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NEWS
By Linda R. Monk | September 18, 1995
ALEXANDRIA, VA. -- In honor of Constitution Day, which was celebrated yesterday, allow me to dispel the most popular myth about our government: In America, the majority rules.Wrong answer. One of the basic principles of the U.S. Constitution is that democracy is not an unmitigated good. That's why we have a Bill of Rights -- which gives individuals and minorities some protection against the tyranny of the majority. For, as James Madison recognized, a democracy can be just as despotic as any other form of government.
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NEWS
December 5, 2013
It is most disturbing that former Maryland Gov. Robert L. Ehrlich Jr. and so many current members of the U.S. Senate and House do not understand that minority rule in either house of Congress was one of the fears expressed by the Framers of the Constitution ( "The nuclear option: then and now," Dec. 1). The "nuclear option" of eliminating the filibuster for certain appointments is not a reversal of the intent of the Framers - it is a return to their original intent. Indeed, the entire portion of Rule 22 of the Senate that requires any vote to be more than a majority of the quorum present is in violation of the higher ranking "supreme law of the land.
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NEWS
By Arthur S. Flemming and Ray Marshall | June 1, 1994
MANY Americans think the primary cause of gridlock in Congress is the inability of a majority to agree on action. The real problem is more basic.In the Senate, majority rule is becoming the exception rather than the rule.Week after week, we see as many as 59 of the 100 senators ready to act on legislation -- to pass or defeat it. But Senate rules permit a minority of 41 or fewer to filibuster -- to prevent the majority from voting at all. To stop a filibuster, 60 votes are needed.A minority -- sometimes one senator -- can demand ransom in exchange for providing the 60th vote; often, the price is either watered-down legislation or "pork."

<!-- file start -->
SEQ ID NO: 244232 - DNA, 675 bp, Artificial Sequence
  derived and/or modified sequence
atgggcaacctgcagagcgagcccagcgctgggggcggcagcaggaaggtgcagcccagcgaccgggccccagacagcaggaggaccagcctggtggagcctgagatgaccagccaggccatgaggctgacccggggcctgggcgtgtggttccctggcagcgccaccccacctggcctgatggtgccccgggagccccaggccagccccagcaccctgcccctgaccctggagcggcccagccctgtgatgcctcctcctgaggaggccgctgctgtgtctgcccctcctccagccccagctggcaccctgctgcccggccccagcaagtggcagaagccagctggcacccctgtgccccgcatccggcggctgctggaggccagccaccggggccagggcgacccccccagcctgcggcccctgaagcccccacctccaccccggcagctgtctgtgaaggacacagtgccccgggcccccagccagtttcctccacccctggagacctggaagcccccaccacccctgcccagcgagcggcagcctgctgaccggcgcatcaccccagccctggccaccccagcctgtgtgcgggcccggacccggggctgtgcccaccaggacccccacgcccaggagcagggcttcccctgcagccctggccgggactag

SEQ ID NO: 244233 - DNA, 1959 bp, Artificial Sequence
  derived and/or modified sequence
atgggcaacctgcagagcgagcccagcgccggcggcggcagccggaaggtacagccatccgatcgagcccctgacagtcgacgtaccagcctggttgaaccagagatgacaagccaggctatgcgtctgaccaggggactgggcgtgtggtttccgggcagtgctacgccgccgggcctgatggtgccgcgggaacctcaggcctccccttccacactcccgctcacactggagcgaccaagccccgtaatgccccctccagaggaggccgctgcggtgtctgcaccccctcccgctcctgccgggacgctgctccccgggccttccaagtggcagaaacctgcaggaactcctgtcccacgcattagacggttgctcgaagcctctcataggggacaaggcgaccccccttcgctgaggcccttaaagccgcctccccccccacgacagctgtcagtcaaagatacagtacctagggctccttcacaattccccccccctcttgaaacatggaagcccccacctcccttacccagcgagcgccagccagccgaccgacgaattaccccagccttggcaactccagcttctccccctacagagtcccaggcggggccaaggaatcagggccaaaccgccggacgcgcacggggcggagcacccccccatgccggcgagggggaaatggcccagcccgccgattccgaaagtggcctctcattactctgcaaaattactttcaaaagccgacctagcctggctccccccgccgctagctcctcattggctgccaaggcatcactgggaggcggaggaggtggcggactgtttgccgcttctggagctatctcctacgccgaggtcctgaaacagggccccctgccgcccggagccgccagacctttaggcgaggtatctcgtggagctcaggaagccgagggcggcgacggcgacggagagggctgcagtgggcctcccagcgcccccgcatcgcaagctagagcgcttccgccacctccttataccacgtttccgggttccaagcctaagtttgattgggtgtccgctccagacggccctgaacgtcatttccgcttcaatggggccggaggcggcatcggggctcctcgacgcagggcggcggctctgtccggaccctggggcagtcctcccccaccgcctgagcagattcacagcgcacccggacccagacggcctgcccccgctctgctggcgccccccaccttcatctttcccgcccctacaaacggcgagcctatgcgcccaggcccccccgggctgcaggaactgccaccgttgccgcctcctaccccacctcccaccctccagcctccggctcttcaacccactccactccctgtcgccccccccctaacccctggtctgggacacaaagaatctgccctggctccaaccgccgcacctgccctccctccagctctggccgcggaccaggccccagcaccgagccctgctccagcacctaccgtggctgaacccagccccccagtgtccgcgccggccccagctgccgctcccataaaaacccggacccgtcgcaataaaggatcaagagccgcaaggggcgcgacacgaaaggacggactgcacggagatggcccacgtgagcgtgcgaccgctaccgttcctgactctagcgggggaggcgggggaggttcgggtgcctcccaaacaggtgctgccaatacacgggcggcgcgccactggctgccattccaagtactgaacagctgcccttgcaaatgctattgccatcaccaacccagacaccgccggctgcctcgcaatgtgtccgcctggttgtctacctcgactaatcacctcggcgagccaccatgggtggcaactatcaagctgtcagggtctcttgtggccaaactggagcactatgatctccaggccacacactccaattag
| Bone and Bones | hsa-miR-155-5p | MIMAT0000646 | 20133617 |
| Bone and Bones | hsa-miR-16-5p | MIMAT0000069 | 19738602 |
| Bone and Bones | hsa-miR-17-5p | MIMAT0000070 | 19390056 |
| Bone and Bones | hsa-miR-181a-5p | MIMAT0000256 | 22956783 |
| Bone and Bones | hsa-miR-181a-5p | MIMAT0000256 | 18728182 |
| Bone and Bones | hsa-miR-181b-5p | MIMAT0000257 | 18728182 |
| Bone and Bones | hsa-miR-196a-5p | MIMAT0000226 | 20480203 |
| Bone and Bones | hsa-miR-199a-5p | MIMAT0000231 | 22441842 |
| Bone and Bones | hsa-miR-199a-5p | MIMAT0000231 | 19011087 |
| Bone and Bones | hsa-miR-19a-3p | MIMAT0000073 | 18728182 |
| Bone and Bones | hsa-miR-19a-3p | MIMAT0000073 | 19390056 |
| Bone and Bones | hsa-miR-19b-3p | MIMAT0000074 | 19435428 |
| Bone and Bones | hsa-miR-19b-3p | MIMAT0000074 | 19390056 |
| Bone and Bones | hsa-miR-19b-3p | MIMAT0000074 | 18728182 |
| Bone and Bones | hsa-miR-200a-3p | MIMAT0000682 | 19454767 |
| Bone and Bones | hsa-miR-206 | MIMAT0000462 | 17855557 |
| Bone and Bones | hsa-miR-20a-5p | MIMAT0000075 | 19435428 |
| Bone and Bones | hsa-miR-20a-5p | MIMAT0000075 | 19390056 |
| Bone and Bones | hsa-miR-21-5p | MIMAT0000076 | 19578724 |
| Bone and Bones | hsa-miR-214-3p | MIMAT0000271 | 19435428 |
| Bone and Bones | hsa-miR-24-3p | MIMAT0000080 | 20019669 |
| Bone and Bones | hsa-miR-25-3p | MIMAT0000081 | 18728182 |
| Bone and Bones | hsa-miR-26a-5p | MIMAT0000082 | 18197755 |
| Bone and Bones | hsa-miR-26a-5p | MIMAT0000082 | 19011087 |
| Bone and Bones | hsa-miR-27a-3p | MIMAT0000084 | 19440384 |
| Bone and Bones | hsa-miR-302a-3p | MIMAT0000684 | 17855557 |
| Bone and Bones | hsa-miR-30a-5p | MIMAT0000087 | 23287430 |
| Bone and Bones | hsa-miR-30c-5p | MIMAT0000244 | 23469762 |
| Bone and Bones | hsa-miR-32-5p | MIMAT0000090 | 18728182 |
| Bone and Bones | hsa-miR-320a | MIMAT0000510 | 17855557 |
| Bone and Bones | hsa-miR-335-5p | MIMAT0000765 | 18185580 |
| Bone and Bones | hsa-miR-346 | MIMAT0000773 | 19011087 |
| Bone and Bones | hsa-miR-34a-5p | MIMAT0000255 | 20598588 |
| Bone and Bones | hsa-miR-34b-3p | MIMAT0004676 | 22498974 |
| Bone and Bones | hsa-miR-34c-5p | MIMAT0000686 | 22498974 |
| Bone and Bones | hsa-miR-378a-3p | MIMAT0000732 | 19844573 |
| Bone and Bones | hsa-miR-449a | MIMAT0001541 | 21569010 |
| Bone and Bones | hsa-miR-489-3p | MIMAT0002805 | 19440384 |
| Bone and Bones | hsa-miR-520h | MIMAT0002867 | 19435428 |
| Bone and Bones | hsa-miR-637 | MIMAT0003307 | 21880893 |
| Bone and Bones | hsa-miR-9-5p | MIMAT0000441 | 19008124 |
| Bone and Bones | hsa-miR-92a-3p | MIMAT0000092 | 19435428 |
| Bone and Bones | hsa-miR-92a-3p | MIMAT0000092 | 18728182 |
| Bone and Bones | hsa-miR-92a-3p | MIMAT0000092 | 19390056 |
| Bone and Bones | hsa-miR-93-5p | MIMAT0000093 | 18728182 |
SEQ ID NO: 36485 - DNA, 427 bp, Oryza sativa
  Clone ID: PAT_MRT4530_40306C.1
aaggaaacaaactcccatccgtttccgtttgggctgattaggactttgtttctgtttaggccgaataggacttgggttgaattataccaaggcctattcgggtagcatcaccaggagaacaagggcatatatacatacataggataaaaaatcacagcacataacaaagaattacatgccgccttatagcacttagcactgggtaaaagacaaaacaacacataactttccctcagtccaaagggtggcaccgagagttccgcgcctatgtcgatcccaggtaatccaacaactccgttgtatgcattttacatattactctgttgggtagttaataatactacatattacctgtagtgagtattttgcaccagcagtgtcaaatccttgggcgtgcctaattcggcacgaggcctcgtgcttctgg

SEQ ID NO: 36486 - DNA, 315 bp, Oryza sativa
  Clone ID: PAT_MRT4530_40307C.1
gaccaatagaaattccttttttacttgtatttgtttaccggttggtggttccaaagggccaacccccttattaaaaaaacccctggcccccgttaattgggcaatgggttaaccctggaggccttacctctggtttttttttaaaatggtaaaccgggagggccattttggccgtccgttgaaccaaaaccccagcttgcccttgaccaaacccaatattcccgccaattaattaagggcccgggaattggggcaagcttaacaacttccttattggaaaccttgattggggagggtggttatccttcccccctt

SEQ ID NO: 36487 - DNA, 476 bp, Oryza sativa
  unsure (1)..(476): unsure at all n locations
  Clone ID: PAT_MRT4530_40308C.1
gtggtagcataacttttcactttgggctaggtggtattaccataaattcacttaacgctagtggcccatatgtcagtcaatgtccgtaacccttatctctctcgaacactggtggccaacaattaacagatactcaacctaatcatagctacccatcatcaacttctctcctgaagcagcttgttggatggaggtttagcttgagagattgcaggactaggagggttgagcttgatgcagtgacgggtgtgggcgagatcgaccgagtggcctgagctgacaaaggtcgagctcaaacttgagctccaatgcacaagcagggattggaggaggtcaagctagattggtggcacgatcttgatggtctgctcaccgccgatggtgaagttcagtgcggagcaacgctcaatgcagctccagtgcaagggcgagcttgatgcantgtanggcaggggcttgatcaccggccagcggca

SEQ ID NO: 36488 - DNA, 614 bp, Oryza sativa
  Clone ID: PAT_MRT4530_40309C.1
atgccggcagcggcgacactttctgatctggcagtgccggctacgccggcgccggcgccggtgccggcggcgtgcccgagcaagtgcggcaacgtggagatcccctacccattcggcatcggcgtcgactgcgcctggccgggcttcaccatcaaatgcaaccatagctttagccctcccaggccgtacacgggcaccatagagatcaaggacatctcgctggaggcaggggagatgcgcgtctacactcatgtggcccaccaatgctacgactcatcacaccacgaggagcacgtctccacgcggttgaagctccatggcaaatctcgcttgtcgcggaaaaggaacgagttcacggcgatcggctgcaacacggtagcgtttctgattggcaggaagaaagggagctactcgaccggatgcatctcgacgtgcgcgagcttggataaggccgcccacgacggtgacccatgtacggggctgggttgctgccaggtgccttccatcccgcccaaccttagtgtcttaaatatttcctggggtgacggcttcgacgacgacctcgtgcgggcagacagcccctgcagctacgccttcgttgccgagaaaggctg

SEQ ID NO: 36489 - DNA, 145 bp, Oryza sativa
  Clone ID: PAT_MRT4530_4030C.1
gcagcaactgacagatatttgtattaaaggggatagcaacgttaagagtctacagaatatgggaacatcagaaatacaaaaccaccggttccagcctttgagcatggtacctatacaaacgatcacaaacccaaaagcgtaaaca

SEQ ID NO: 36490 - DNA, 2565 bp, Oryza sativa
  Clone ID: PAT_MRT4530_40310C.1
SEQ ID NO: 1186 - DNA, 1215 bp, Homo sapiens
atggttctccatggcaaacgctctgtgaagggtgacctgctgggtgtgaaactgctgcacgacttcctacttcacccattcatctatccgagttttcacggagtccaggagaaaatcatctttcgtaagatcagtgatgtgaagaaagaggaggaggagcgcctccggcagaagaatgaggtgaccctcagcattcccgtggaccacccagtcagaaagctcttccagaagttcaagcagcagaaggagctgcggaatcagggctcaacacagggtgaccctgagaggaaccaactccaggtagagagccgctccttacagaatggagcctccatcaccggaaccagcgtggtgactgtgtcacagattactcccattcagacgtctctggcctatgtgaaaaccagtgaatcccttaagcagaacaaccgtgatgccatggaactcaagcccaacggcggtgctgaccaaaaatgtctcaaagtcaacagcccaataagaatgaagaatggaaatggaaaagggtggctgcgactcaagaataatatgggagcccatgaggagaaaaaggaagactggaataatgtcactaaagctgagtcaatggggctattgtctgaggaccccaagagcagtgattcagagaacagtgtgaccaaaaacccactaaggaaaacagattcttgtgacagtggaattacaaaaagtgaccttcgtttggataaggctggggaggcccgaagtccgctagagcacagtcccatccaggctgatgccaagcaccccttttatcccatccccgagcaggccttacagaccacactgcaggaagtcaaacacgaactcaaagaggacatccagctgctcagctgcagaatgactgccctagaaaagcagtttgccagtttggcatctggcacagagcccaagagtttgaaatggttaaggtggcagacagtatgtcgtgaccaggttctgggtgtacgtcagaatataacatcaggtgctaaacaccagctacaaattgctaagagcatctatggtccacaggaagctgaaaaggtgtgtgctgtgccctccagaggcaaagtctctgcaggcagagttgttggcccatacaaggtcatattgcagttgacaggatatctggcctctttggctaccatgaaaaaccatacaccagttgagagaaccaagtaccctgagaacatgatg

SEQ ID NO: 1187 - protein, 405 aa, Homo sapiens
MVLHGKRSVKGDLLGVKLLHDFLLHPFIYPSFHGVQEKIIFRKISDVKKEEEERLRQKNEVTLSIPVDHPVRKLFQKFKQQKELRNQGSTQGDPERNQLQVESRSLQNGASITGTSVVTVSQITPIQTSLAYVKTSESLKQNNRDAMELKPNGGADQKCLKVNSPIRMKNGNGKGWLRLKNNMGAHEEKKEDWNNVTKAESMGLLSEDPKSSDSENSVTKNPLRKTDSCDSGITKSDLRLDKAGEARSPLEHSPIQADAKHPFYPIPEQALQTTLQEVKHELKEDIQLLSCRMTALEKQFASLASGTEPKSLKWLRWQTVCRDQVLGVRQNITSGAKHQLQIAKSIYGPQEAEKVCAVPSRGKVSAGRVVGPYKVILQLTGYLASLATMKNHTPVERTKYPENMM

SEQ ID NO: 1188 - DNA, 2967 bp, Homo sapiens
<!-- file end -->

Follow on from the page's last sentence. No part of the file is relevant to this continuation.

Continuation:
NEWS
December 2, 2013
In response to Jules Witcover's column ("Nuclear option preserves majority rule for Senate Democrats," Nov. 26), I guess if I threaten to kill someone, but don't do it, I am still liable for murder charge. This is equivalent to the argument that the Democrats doing the "option" is turnaround as fair play. You would think the White House or George Soros could send your columnist better arguments than that. Why don't the Democrats just use the "reconciliation" method and kickbacks?
NEWS
March 26, 2010
Tea partiers claim their anger and violent rage is because the government isn't listening ("Protests out of bounds," March 26). Let's review the facts. In the 2008 election, President Obama vowed to reform health care. Not only was he elected, but Democrats were elected as the majority in both houses of Congress. Health care reform passes both houses and was signed into law by Mr. Obama. Democracy in action! Maybe the tea partiers should check the Constitution. What I see is the best of what the Constitution stands for -- popular sovereignity, majority rule, separtion of powers, and checks and balances.
NEWS
November 13, 1995
ON A CONTINENT that has had more than its share of turmoil and disasters, South Africa continues to beam a ray of hope. Granted, much of the euphoria of the first days of majority rule in the spring of 1994 has been tempered by the hard facts of real life. But President Nelson Mandela governs by pragmatism and South African voters are proving to be surprisingly astute, considering that the country was long deprived of real democracy.The recent local elections are a case in point. The ANC rallied, gaining about 60 percent of the vote, to no one's surprise.
NEWS
December 21, 1998
DURING THE last full decade of South Africa's apartheid in the 1980s, neighboring Zimbabwe was often hailed as proof that black majority rule could work. More recently, though, it has become an example of how unwise policies practiced by an unchallenged, aging leader can throw a country into hopelessness.This situation has been only too common in post-colonial Africa. Eventually, unhappiness swept aside such founding presidents as Tanzania's Julius Nyerere, Zambia's Kenneth Kaunda and Malawi's Hastings Kamuzu Banda.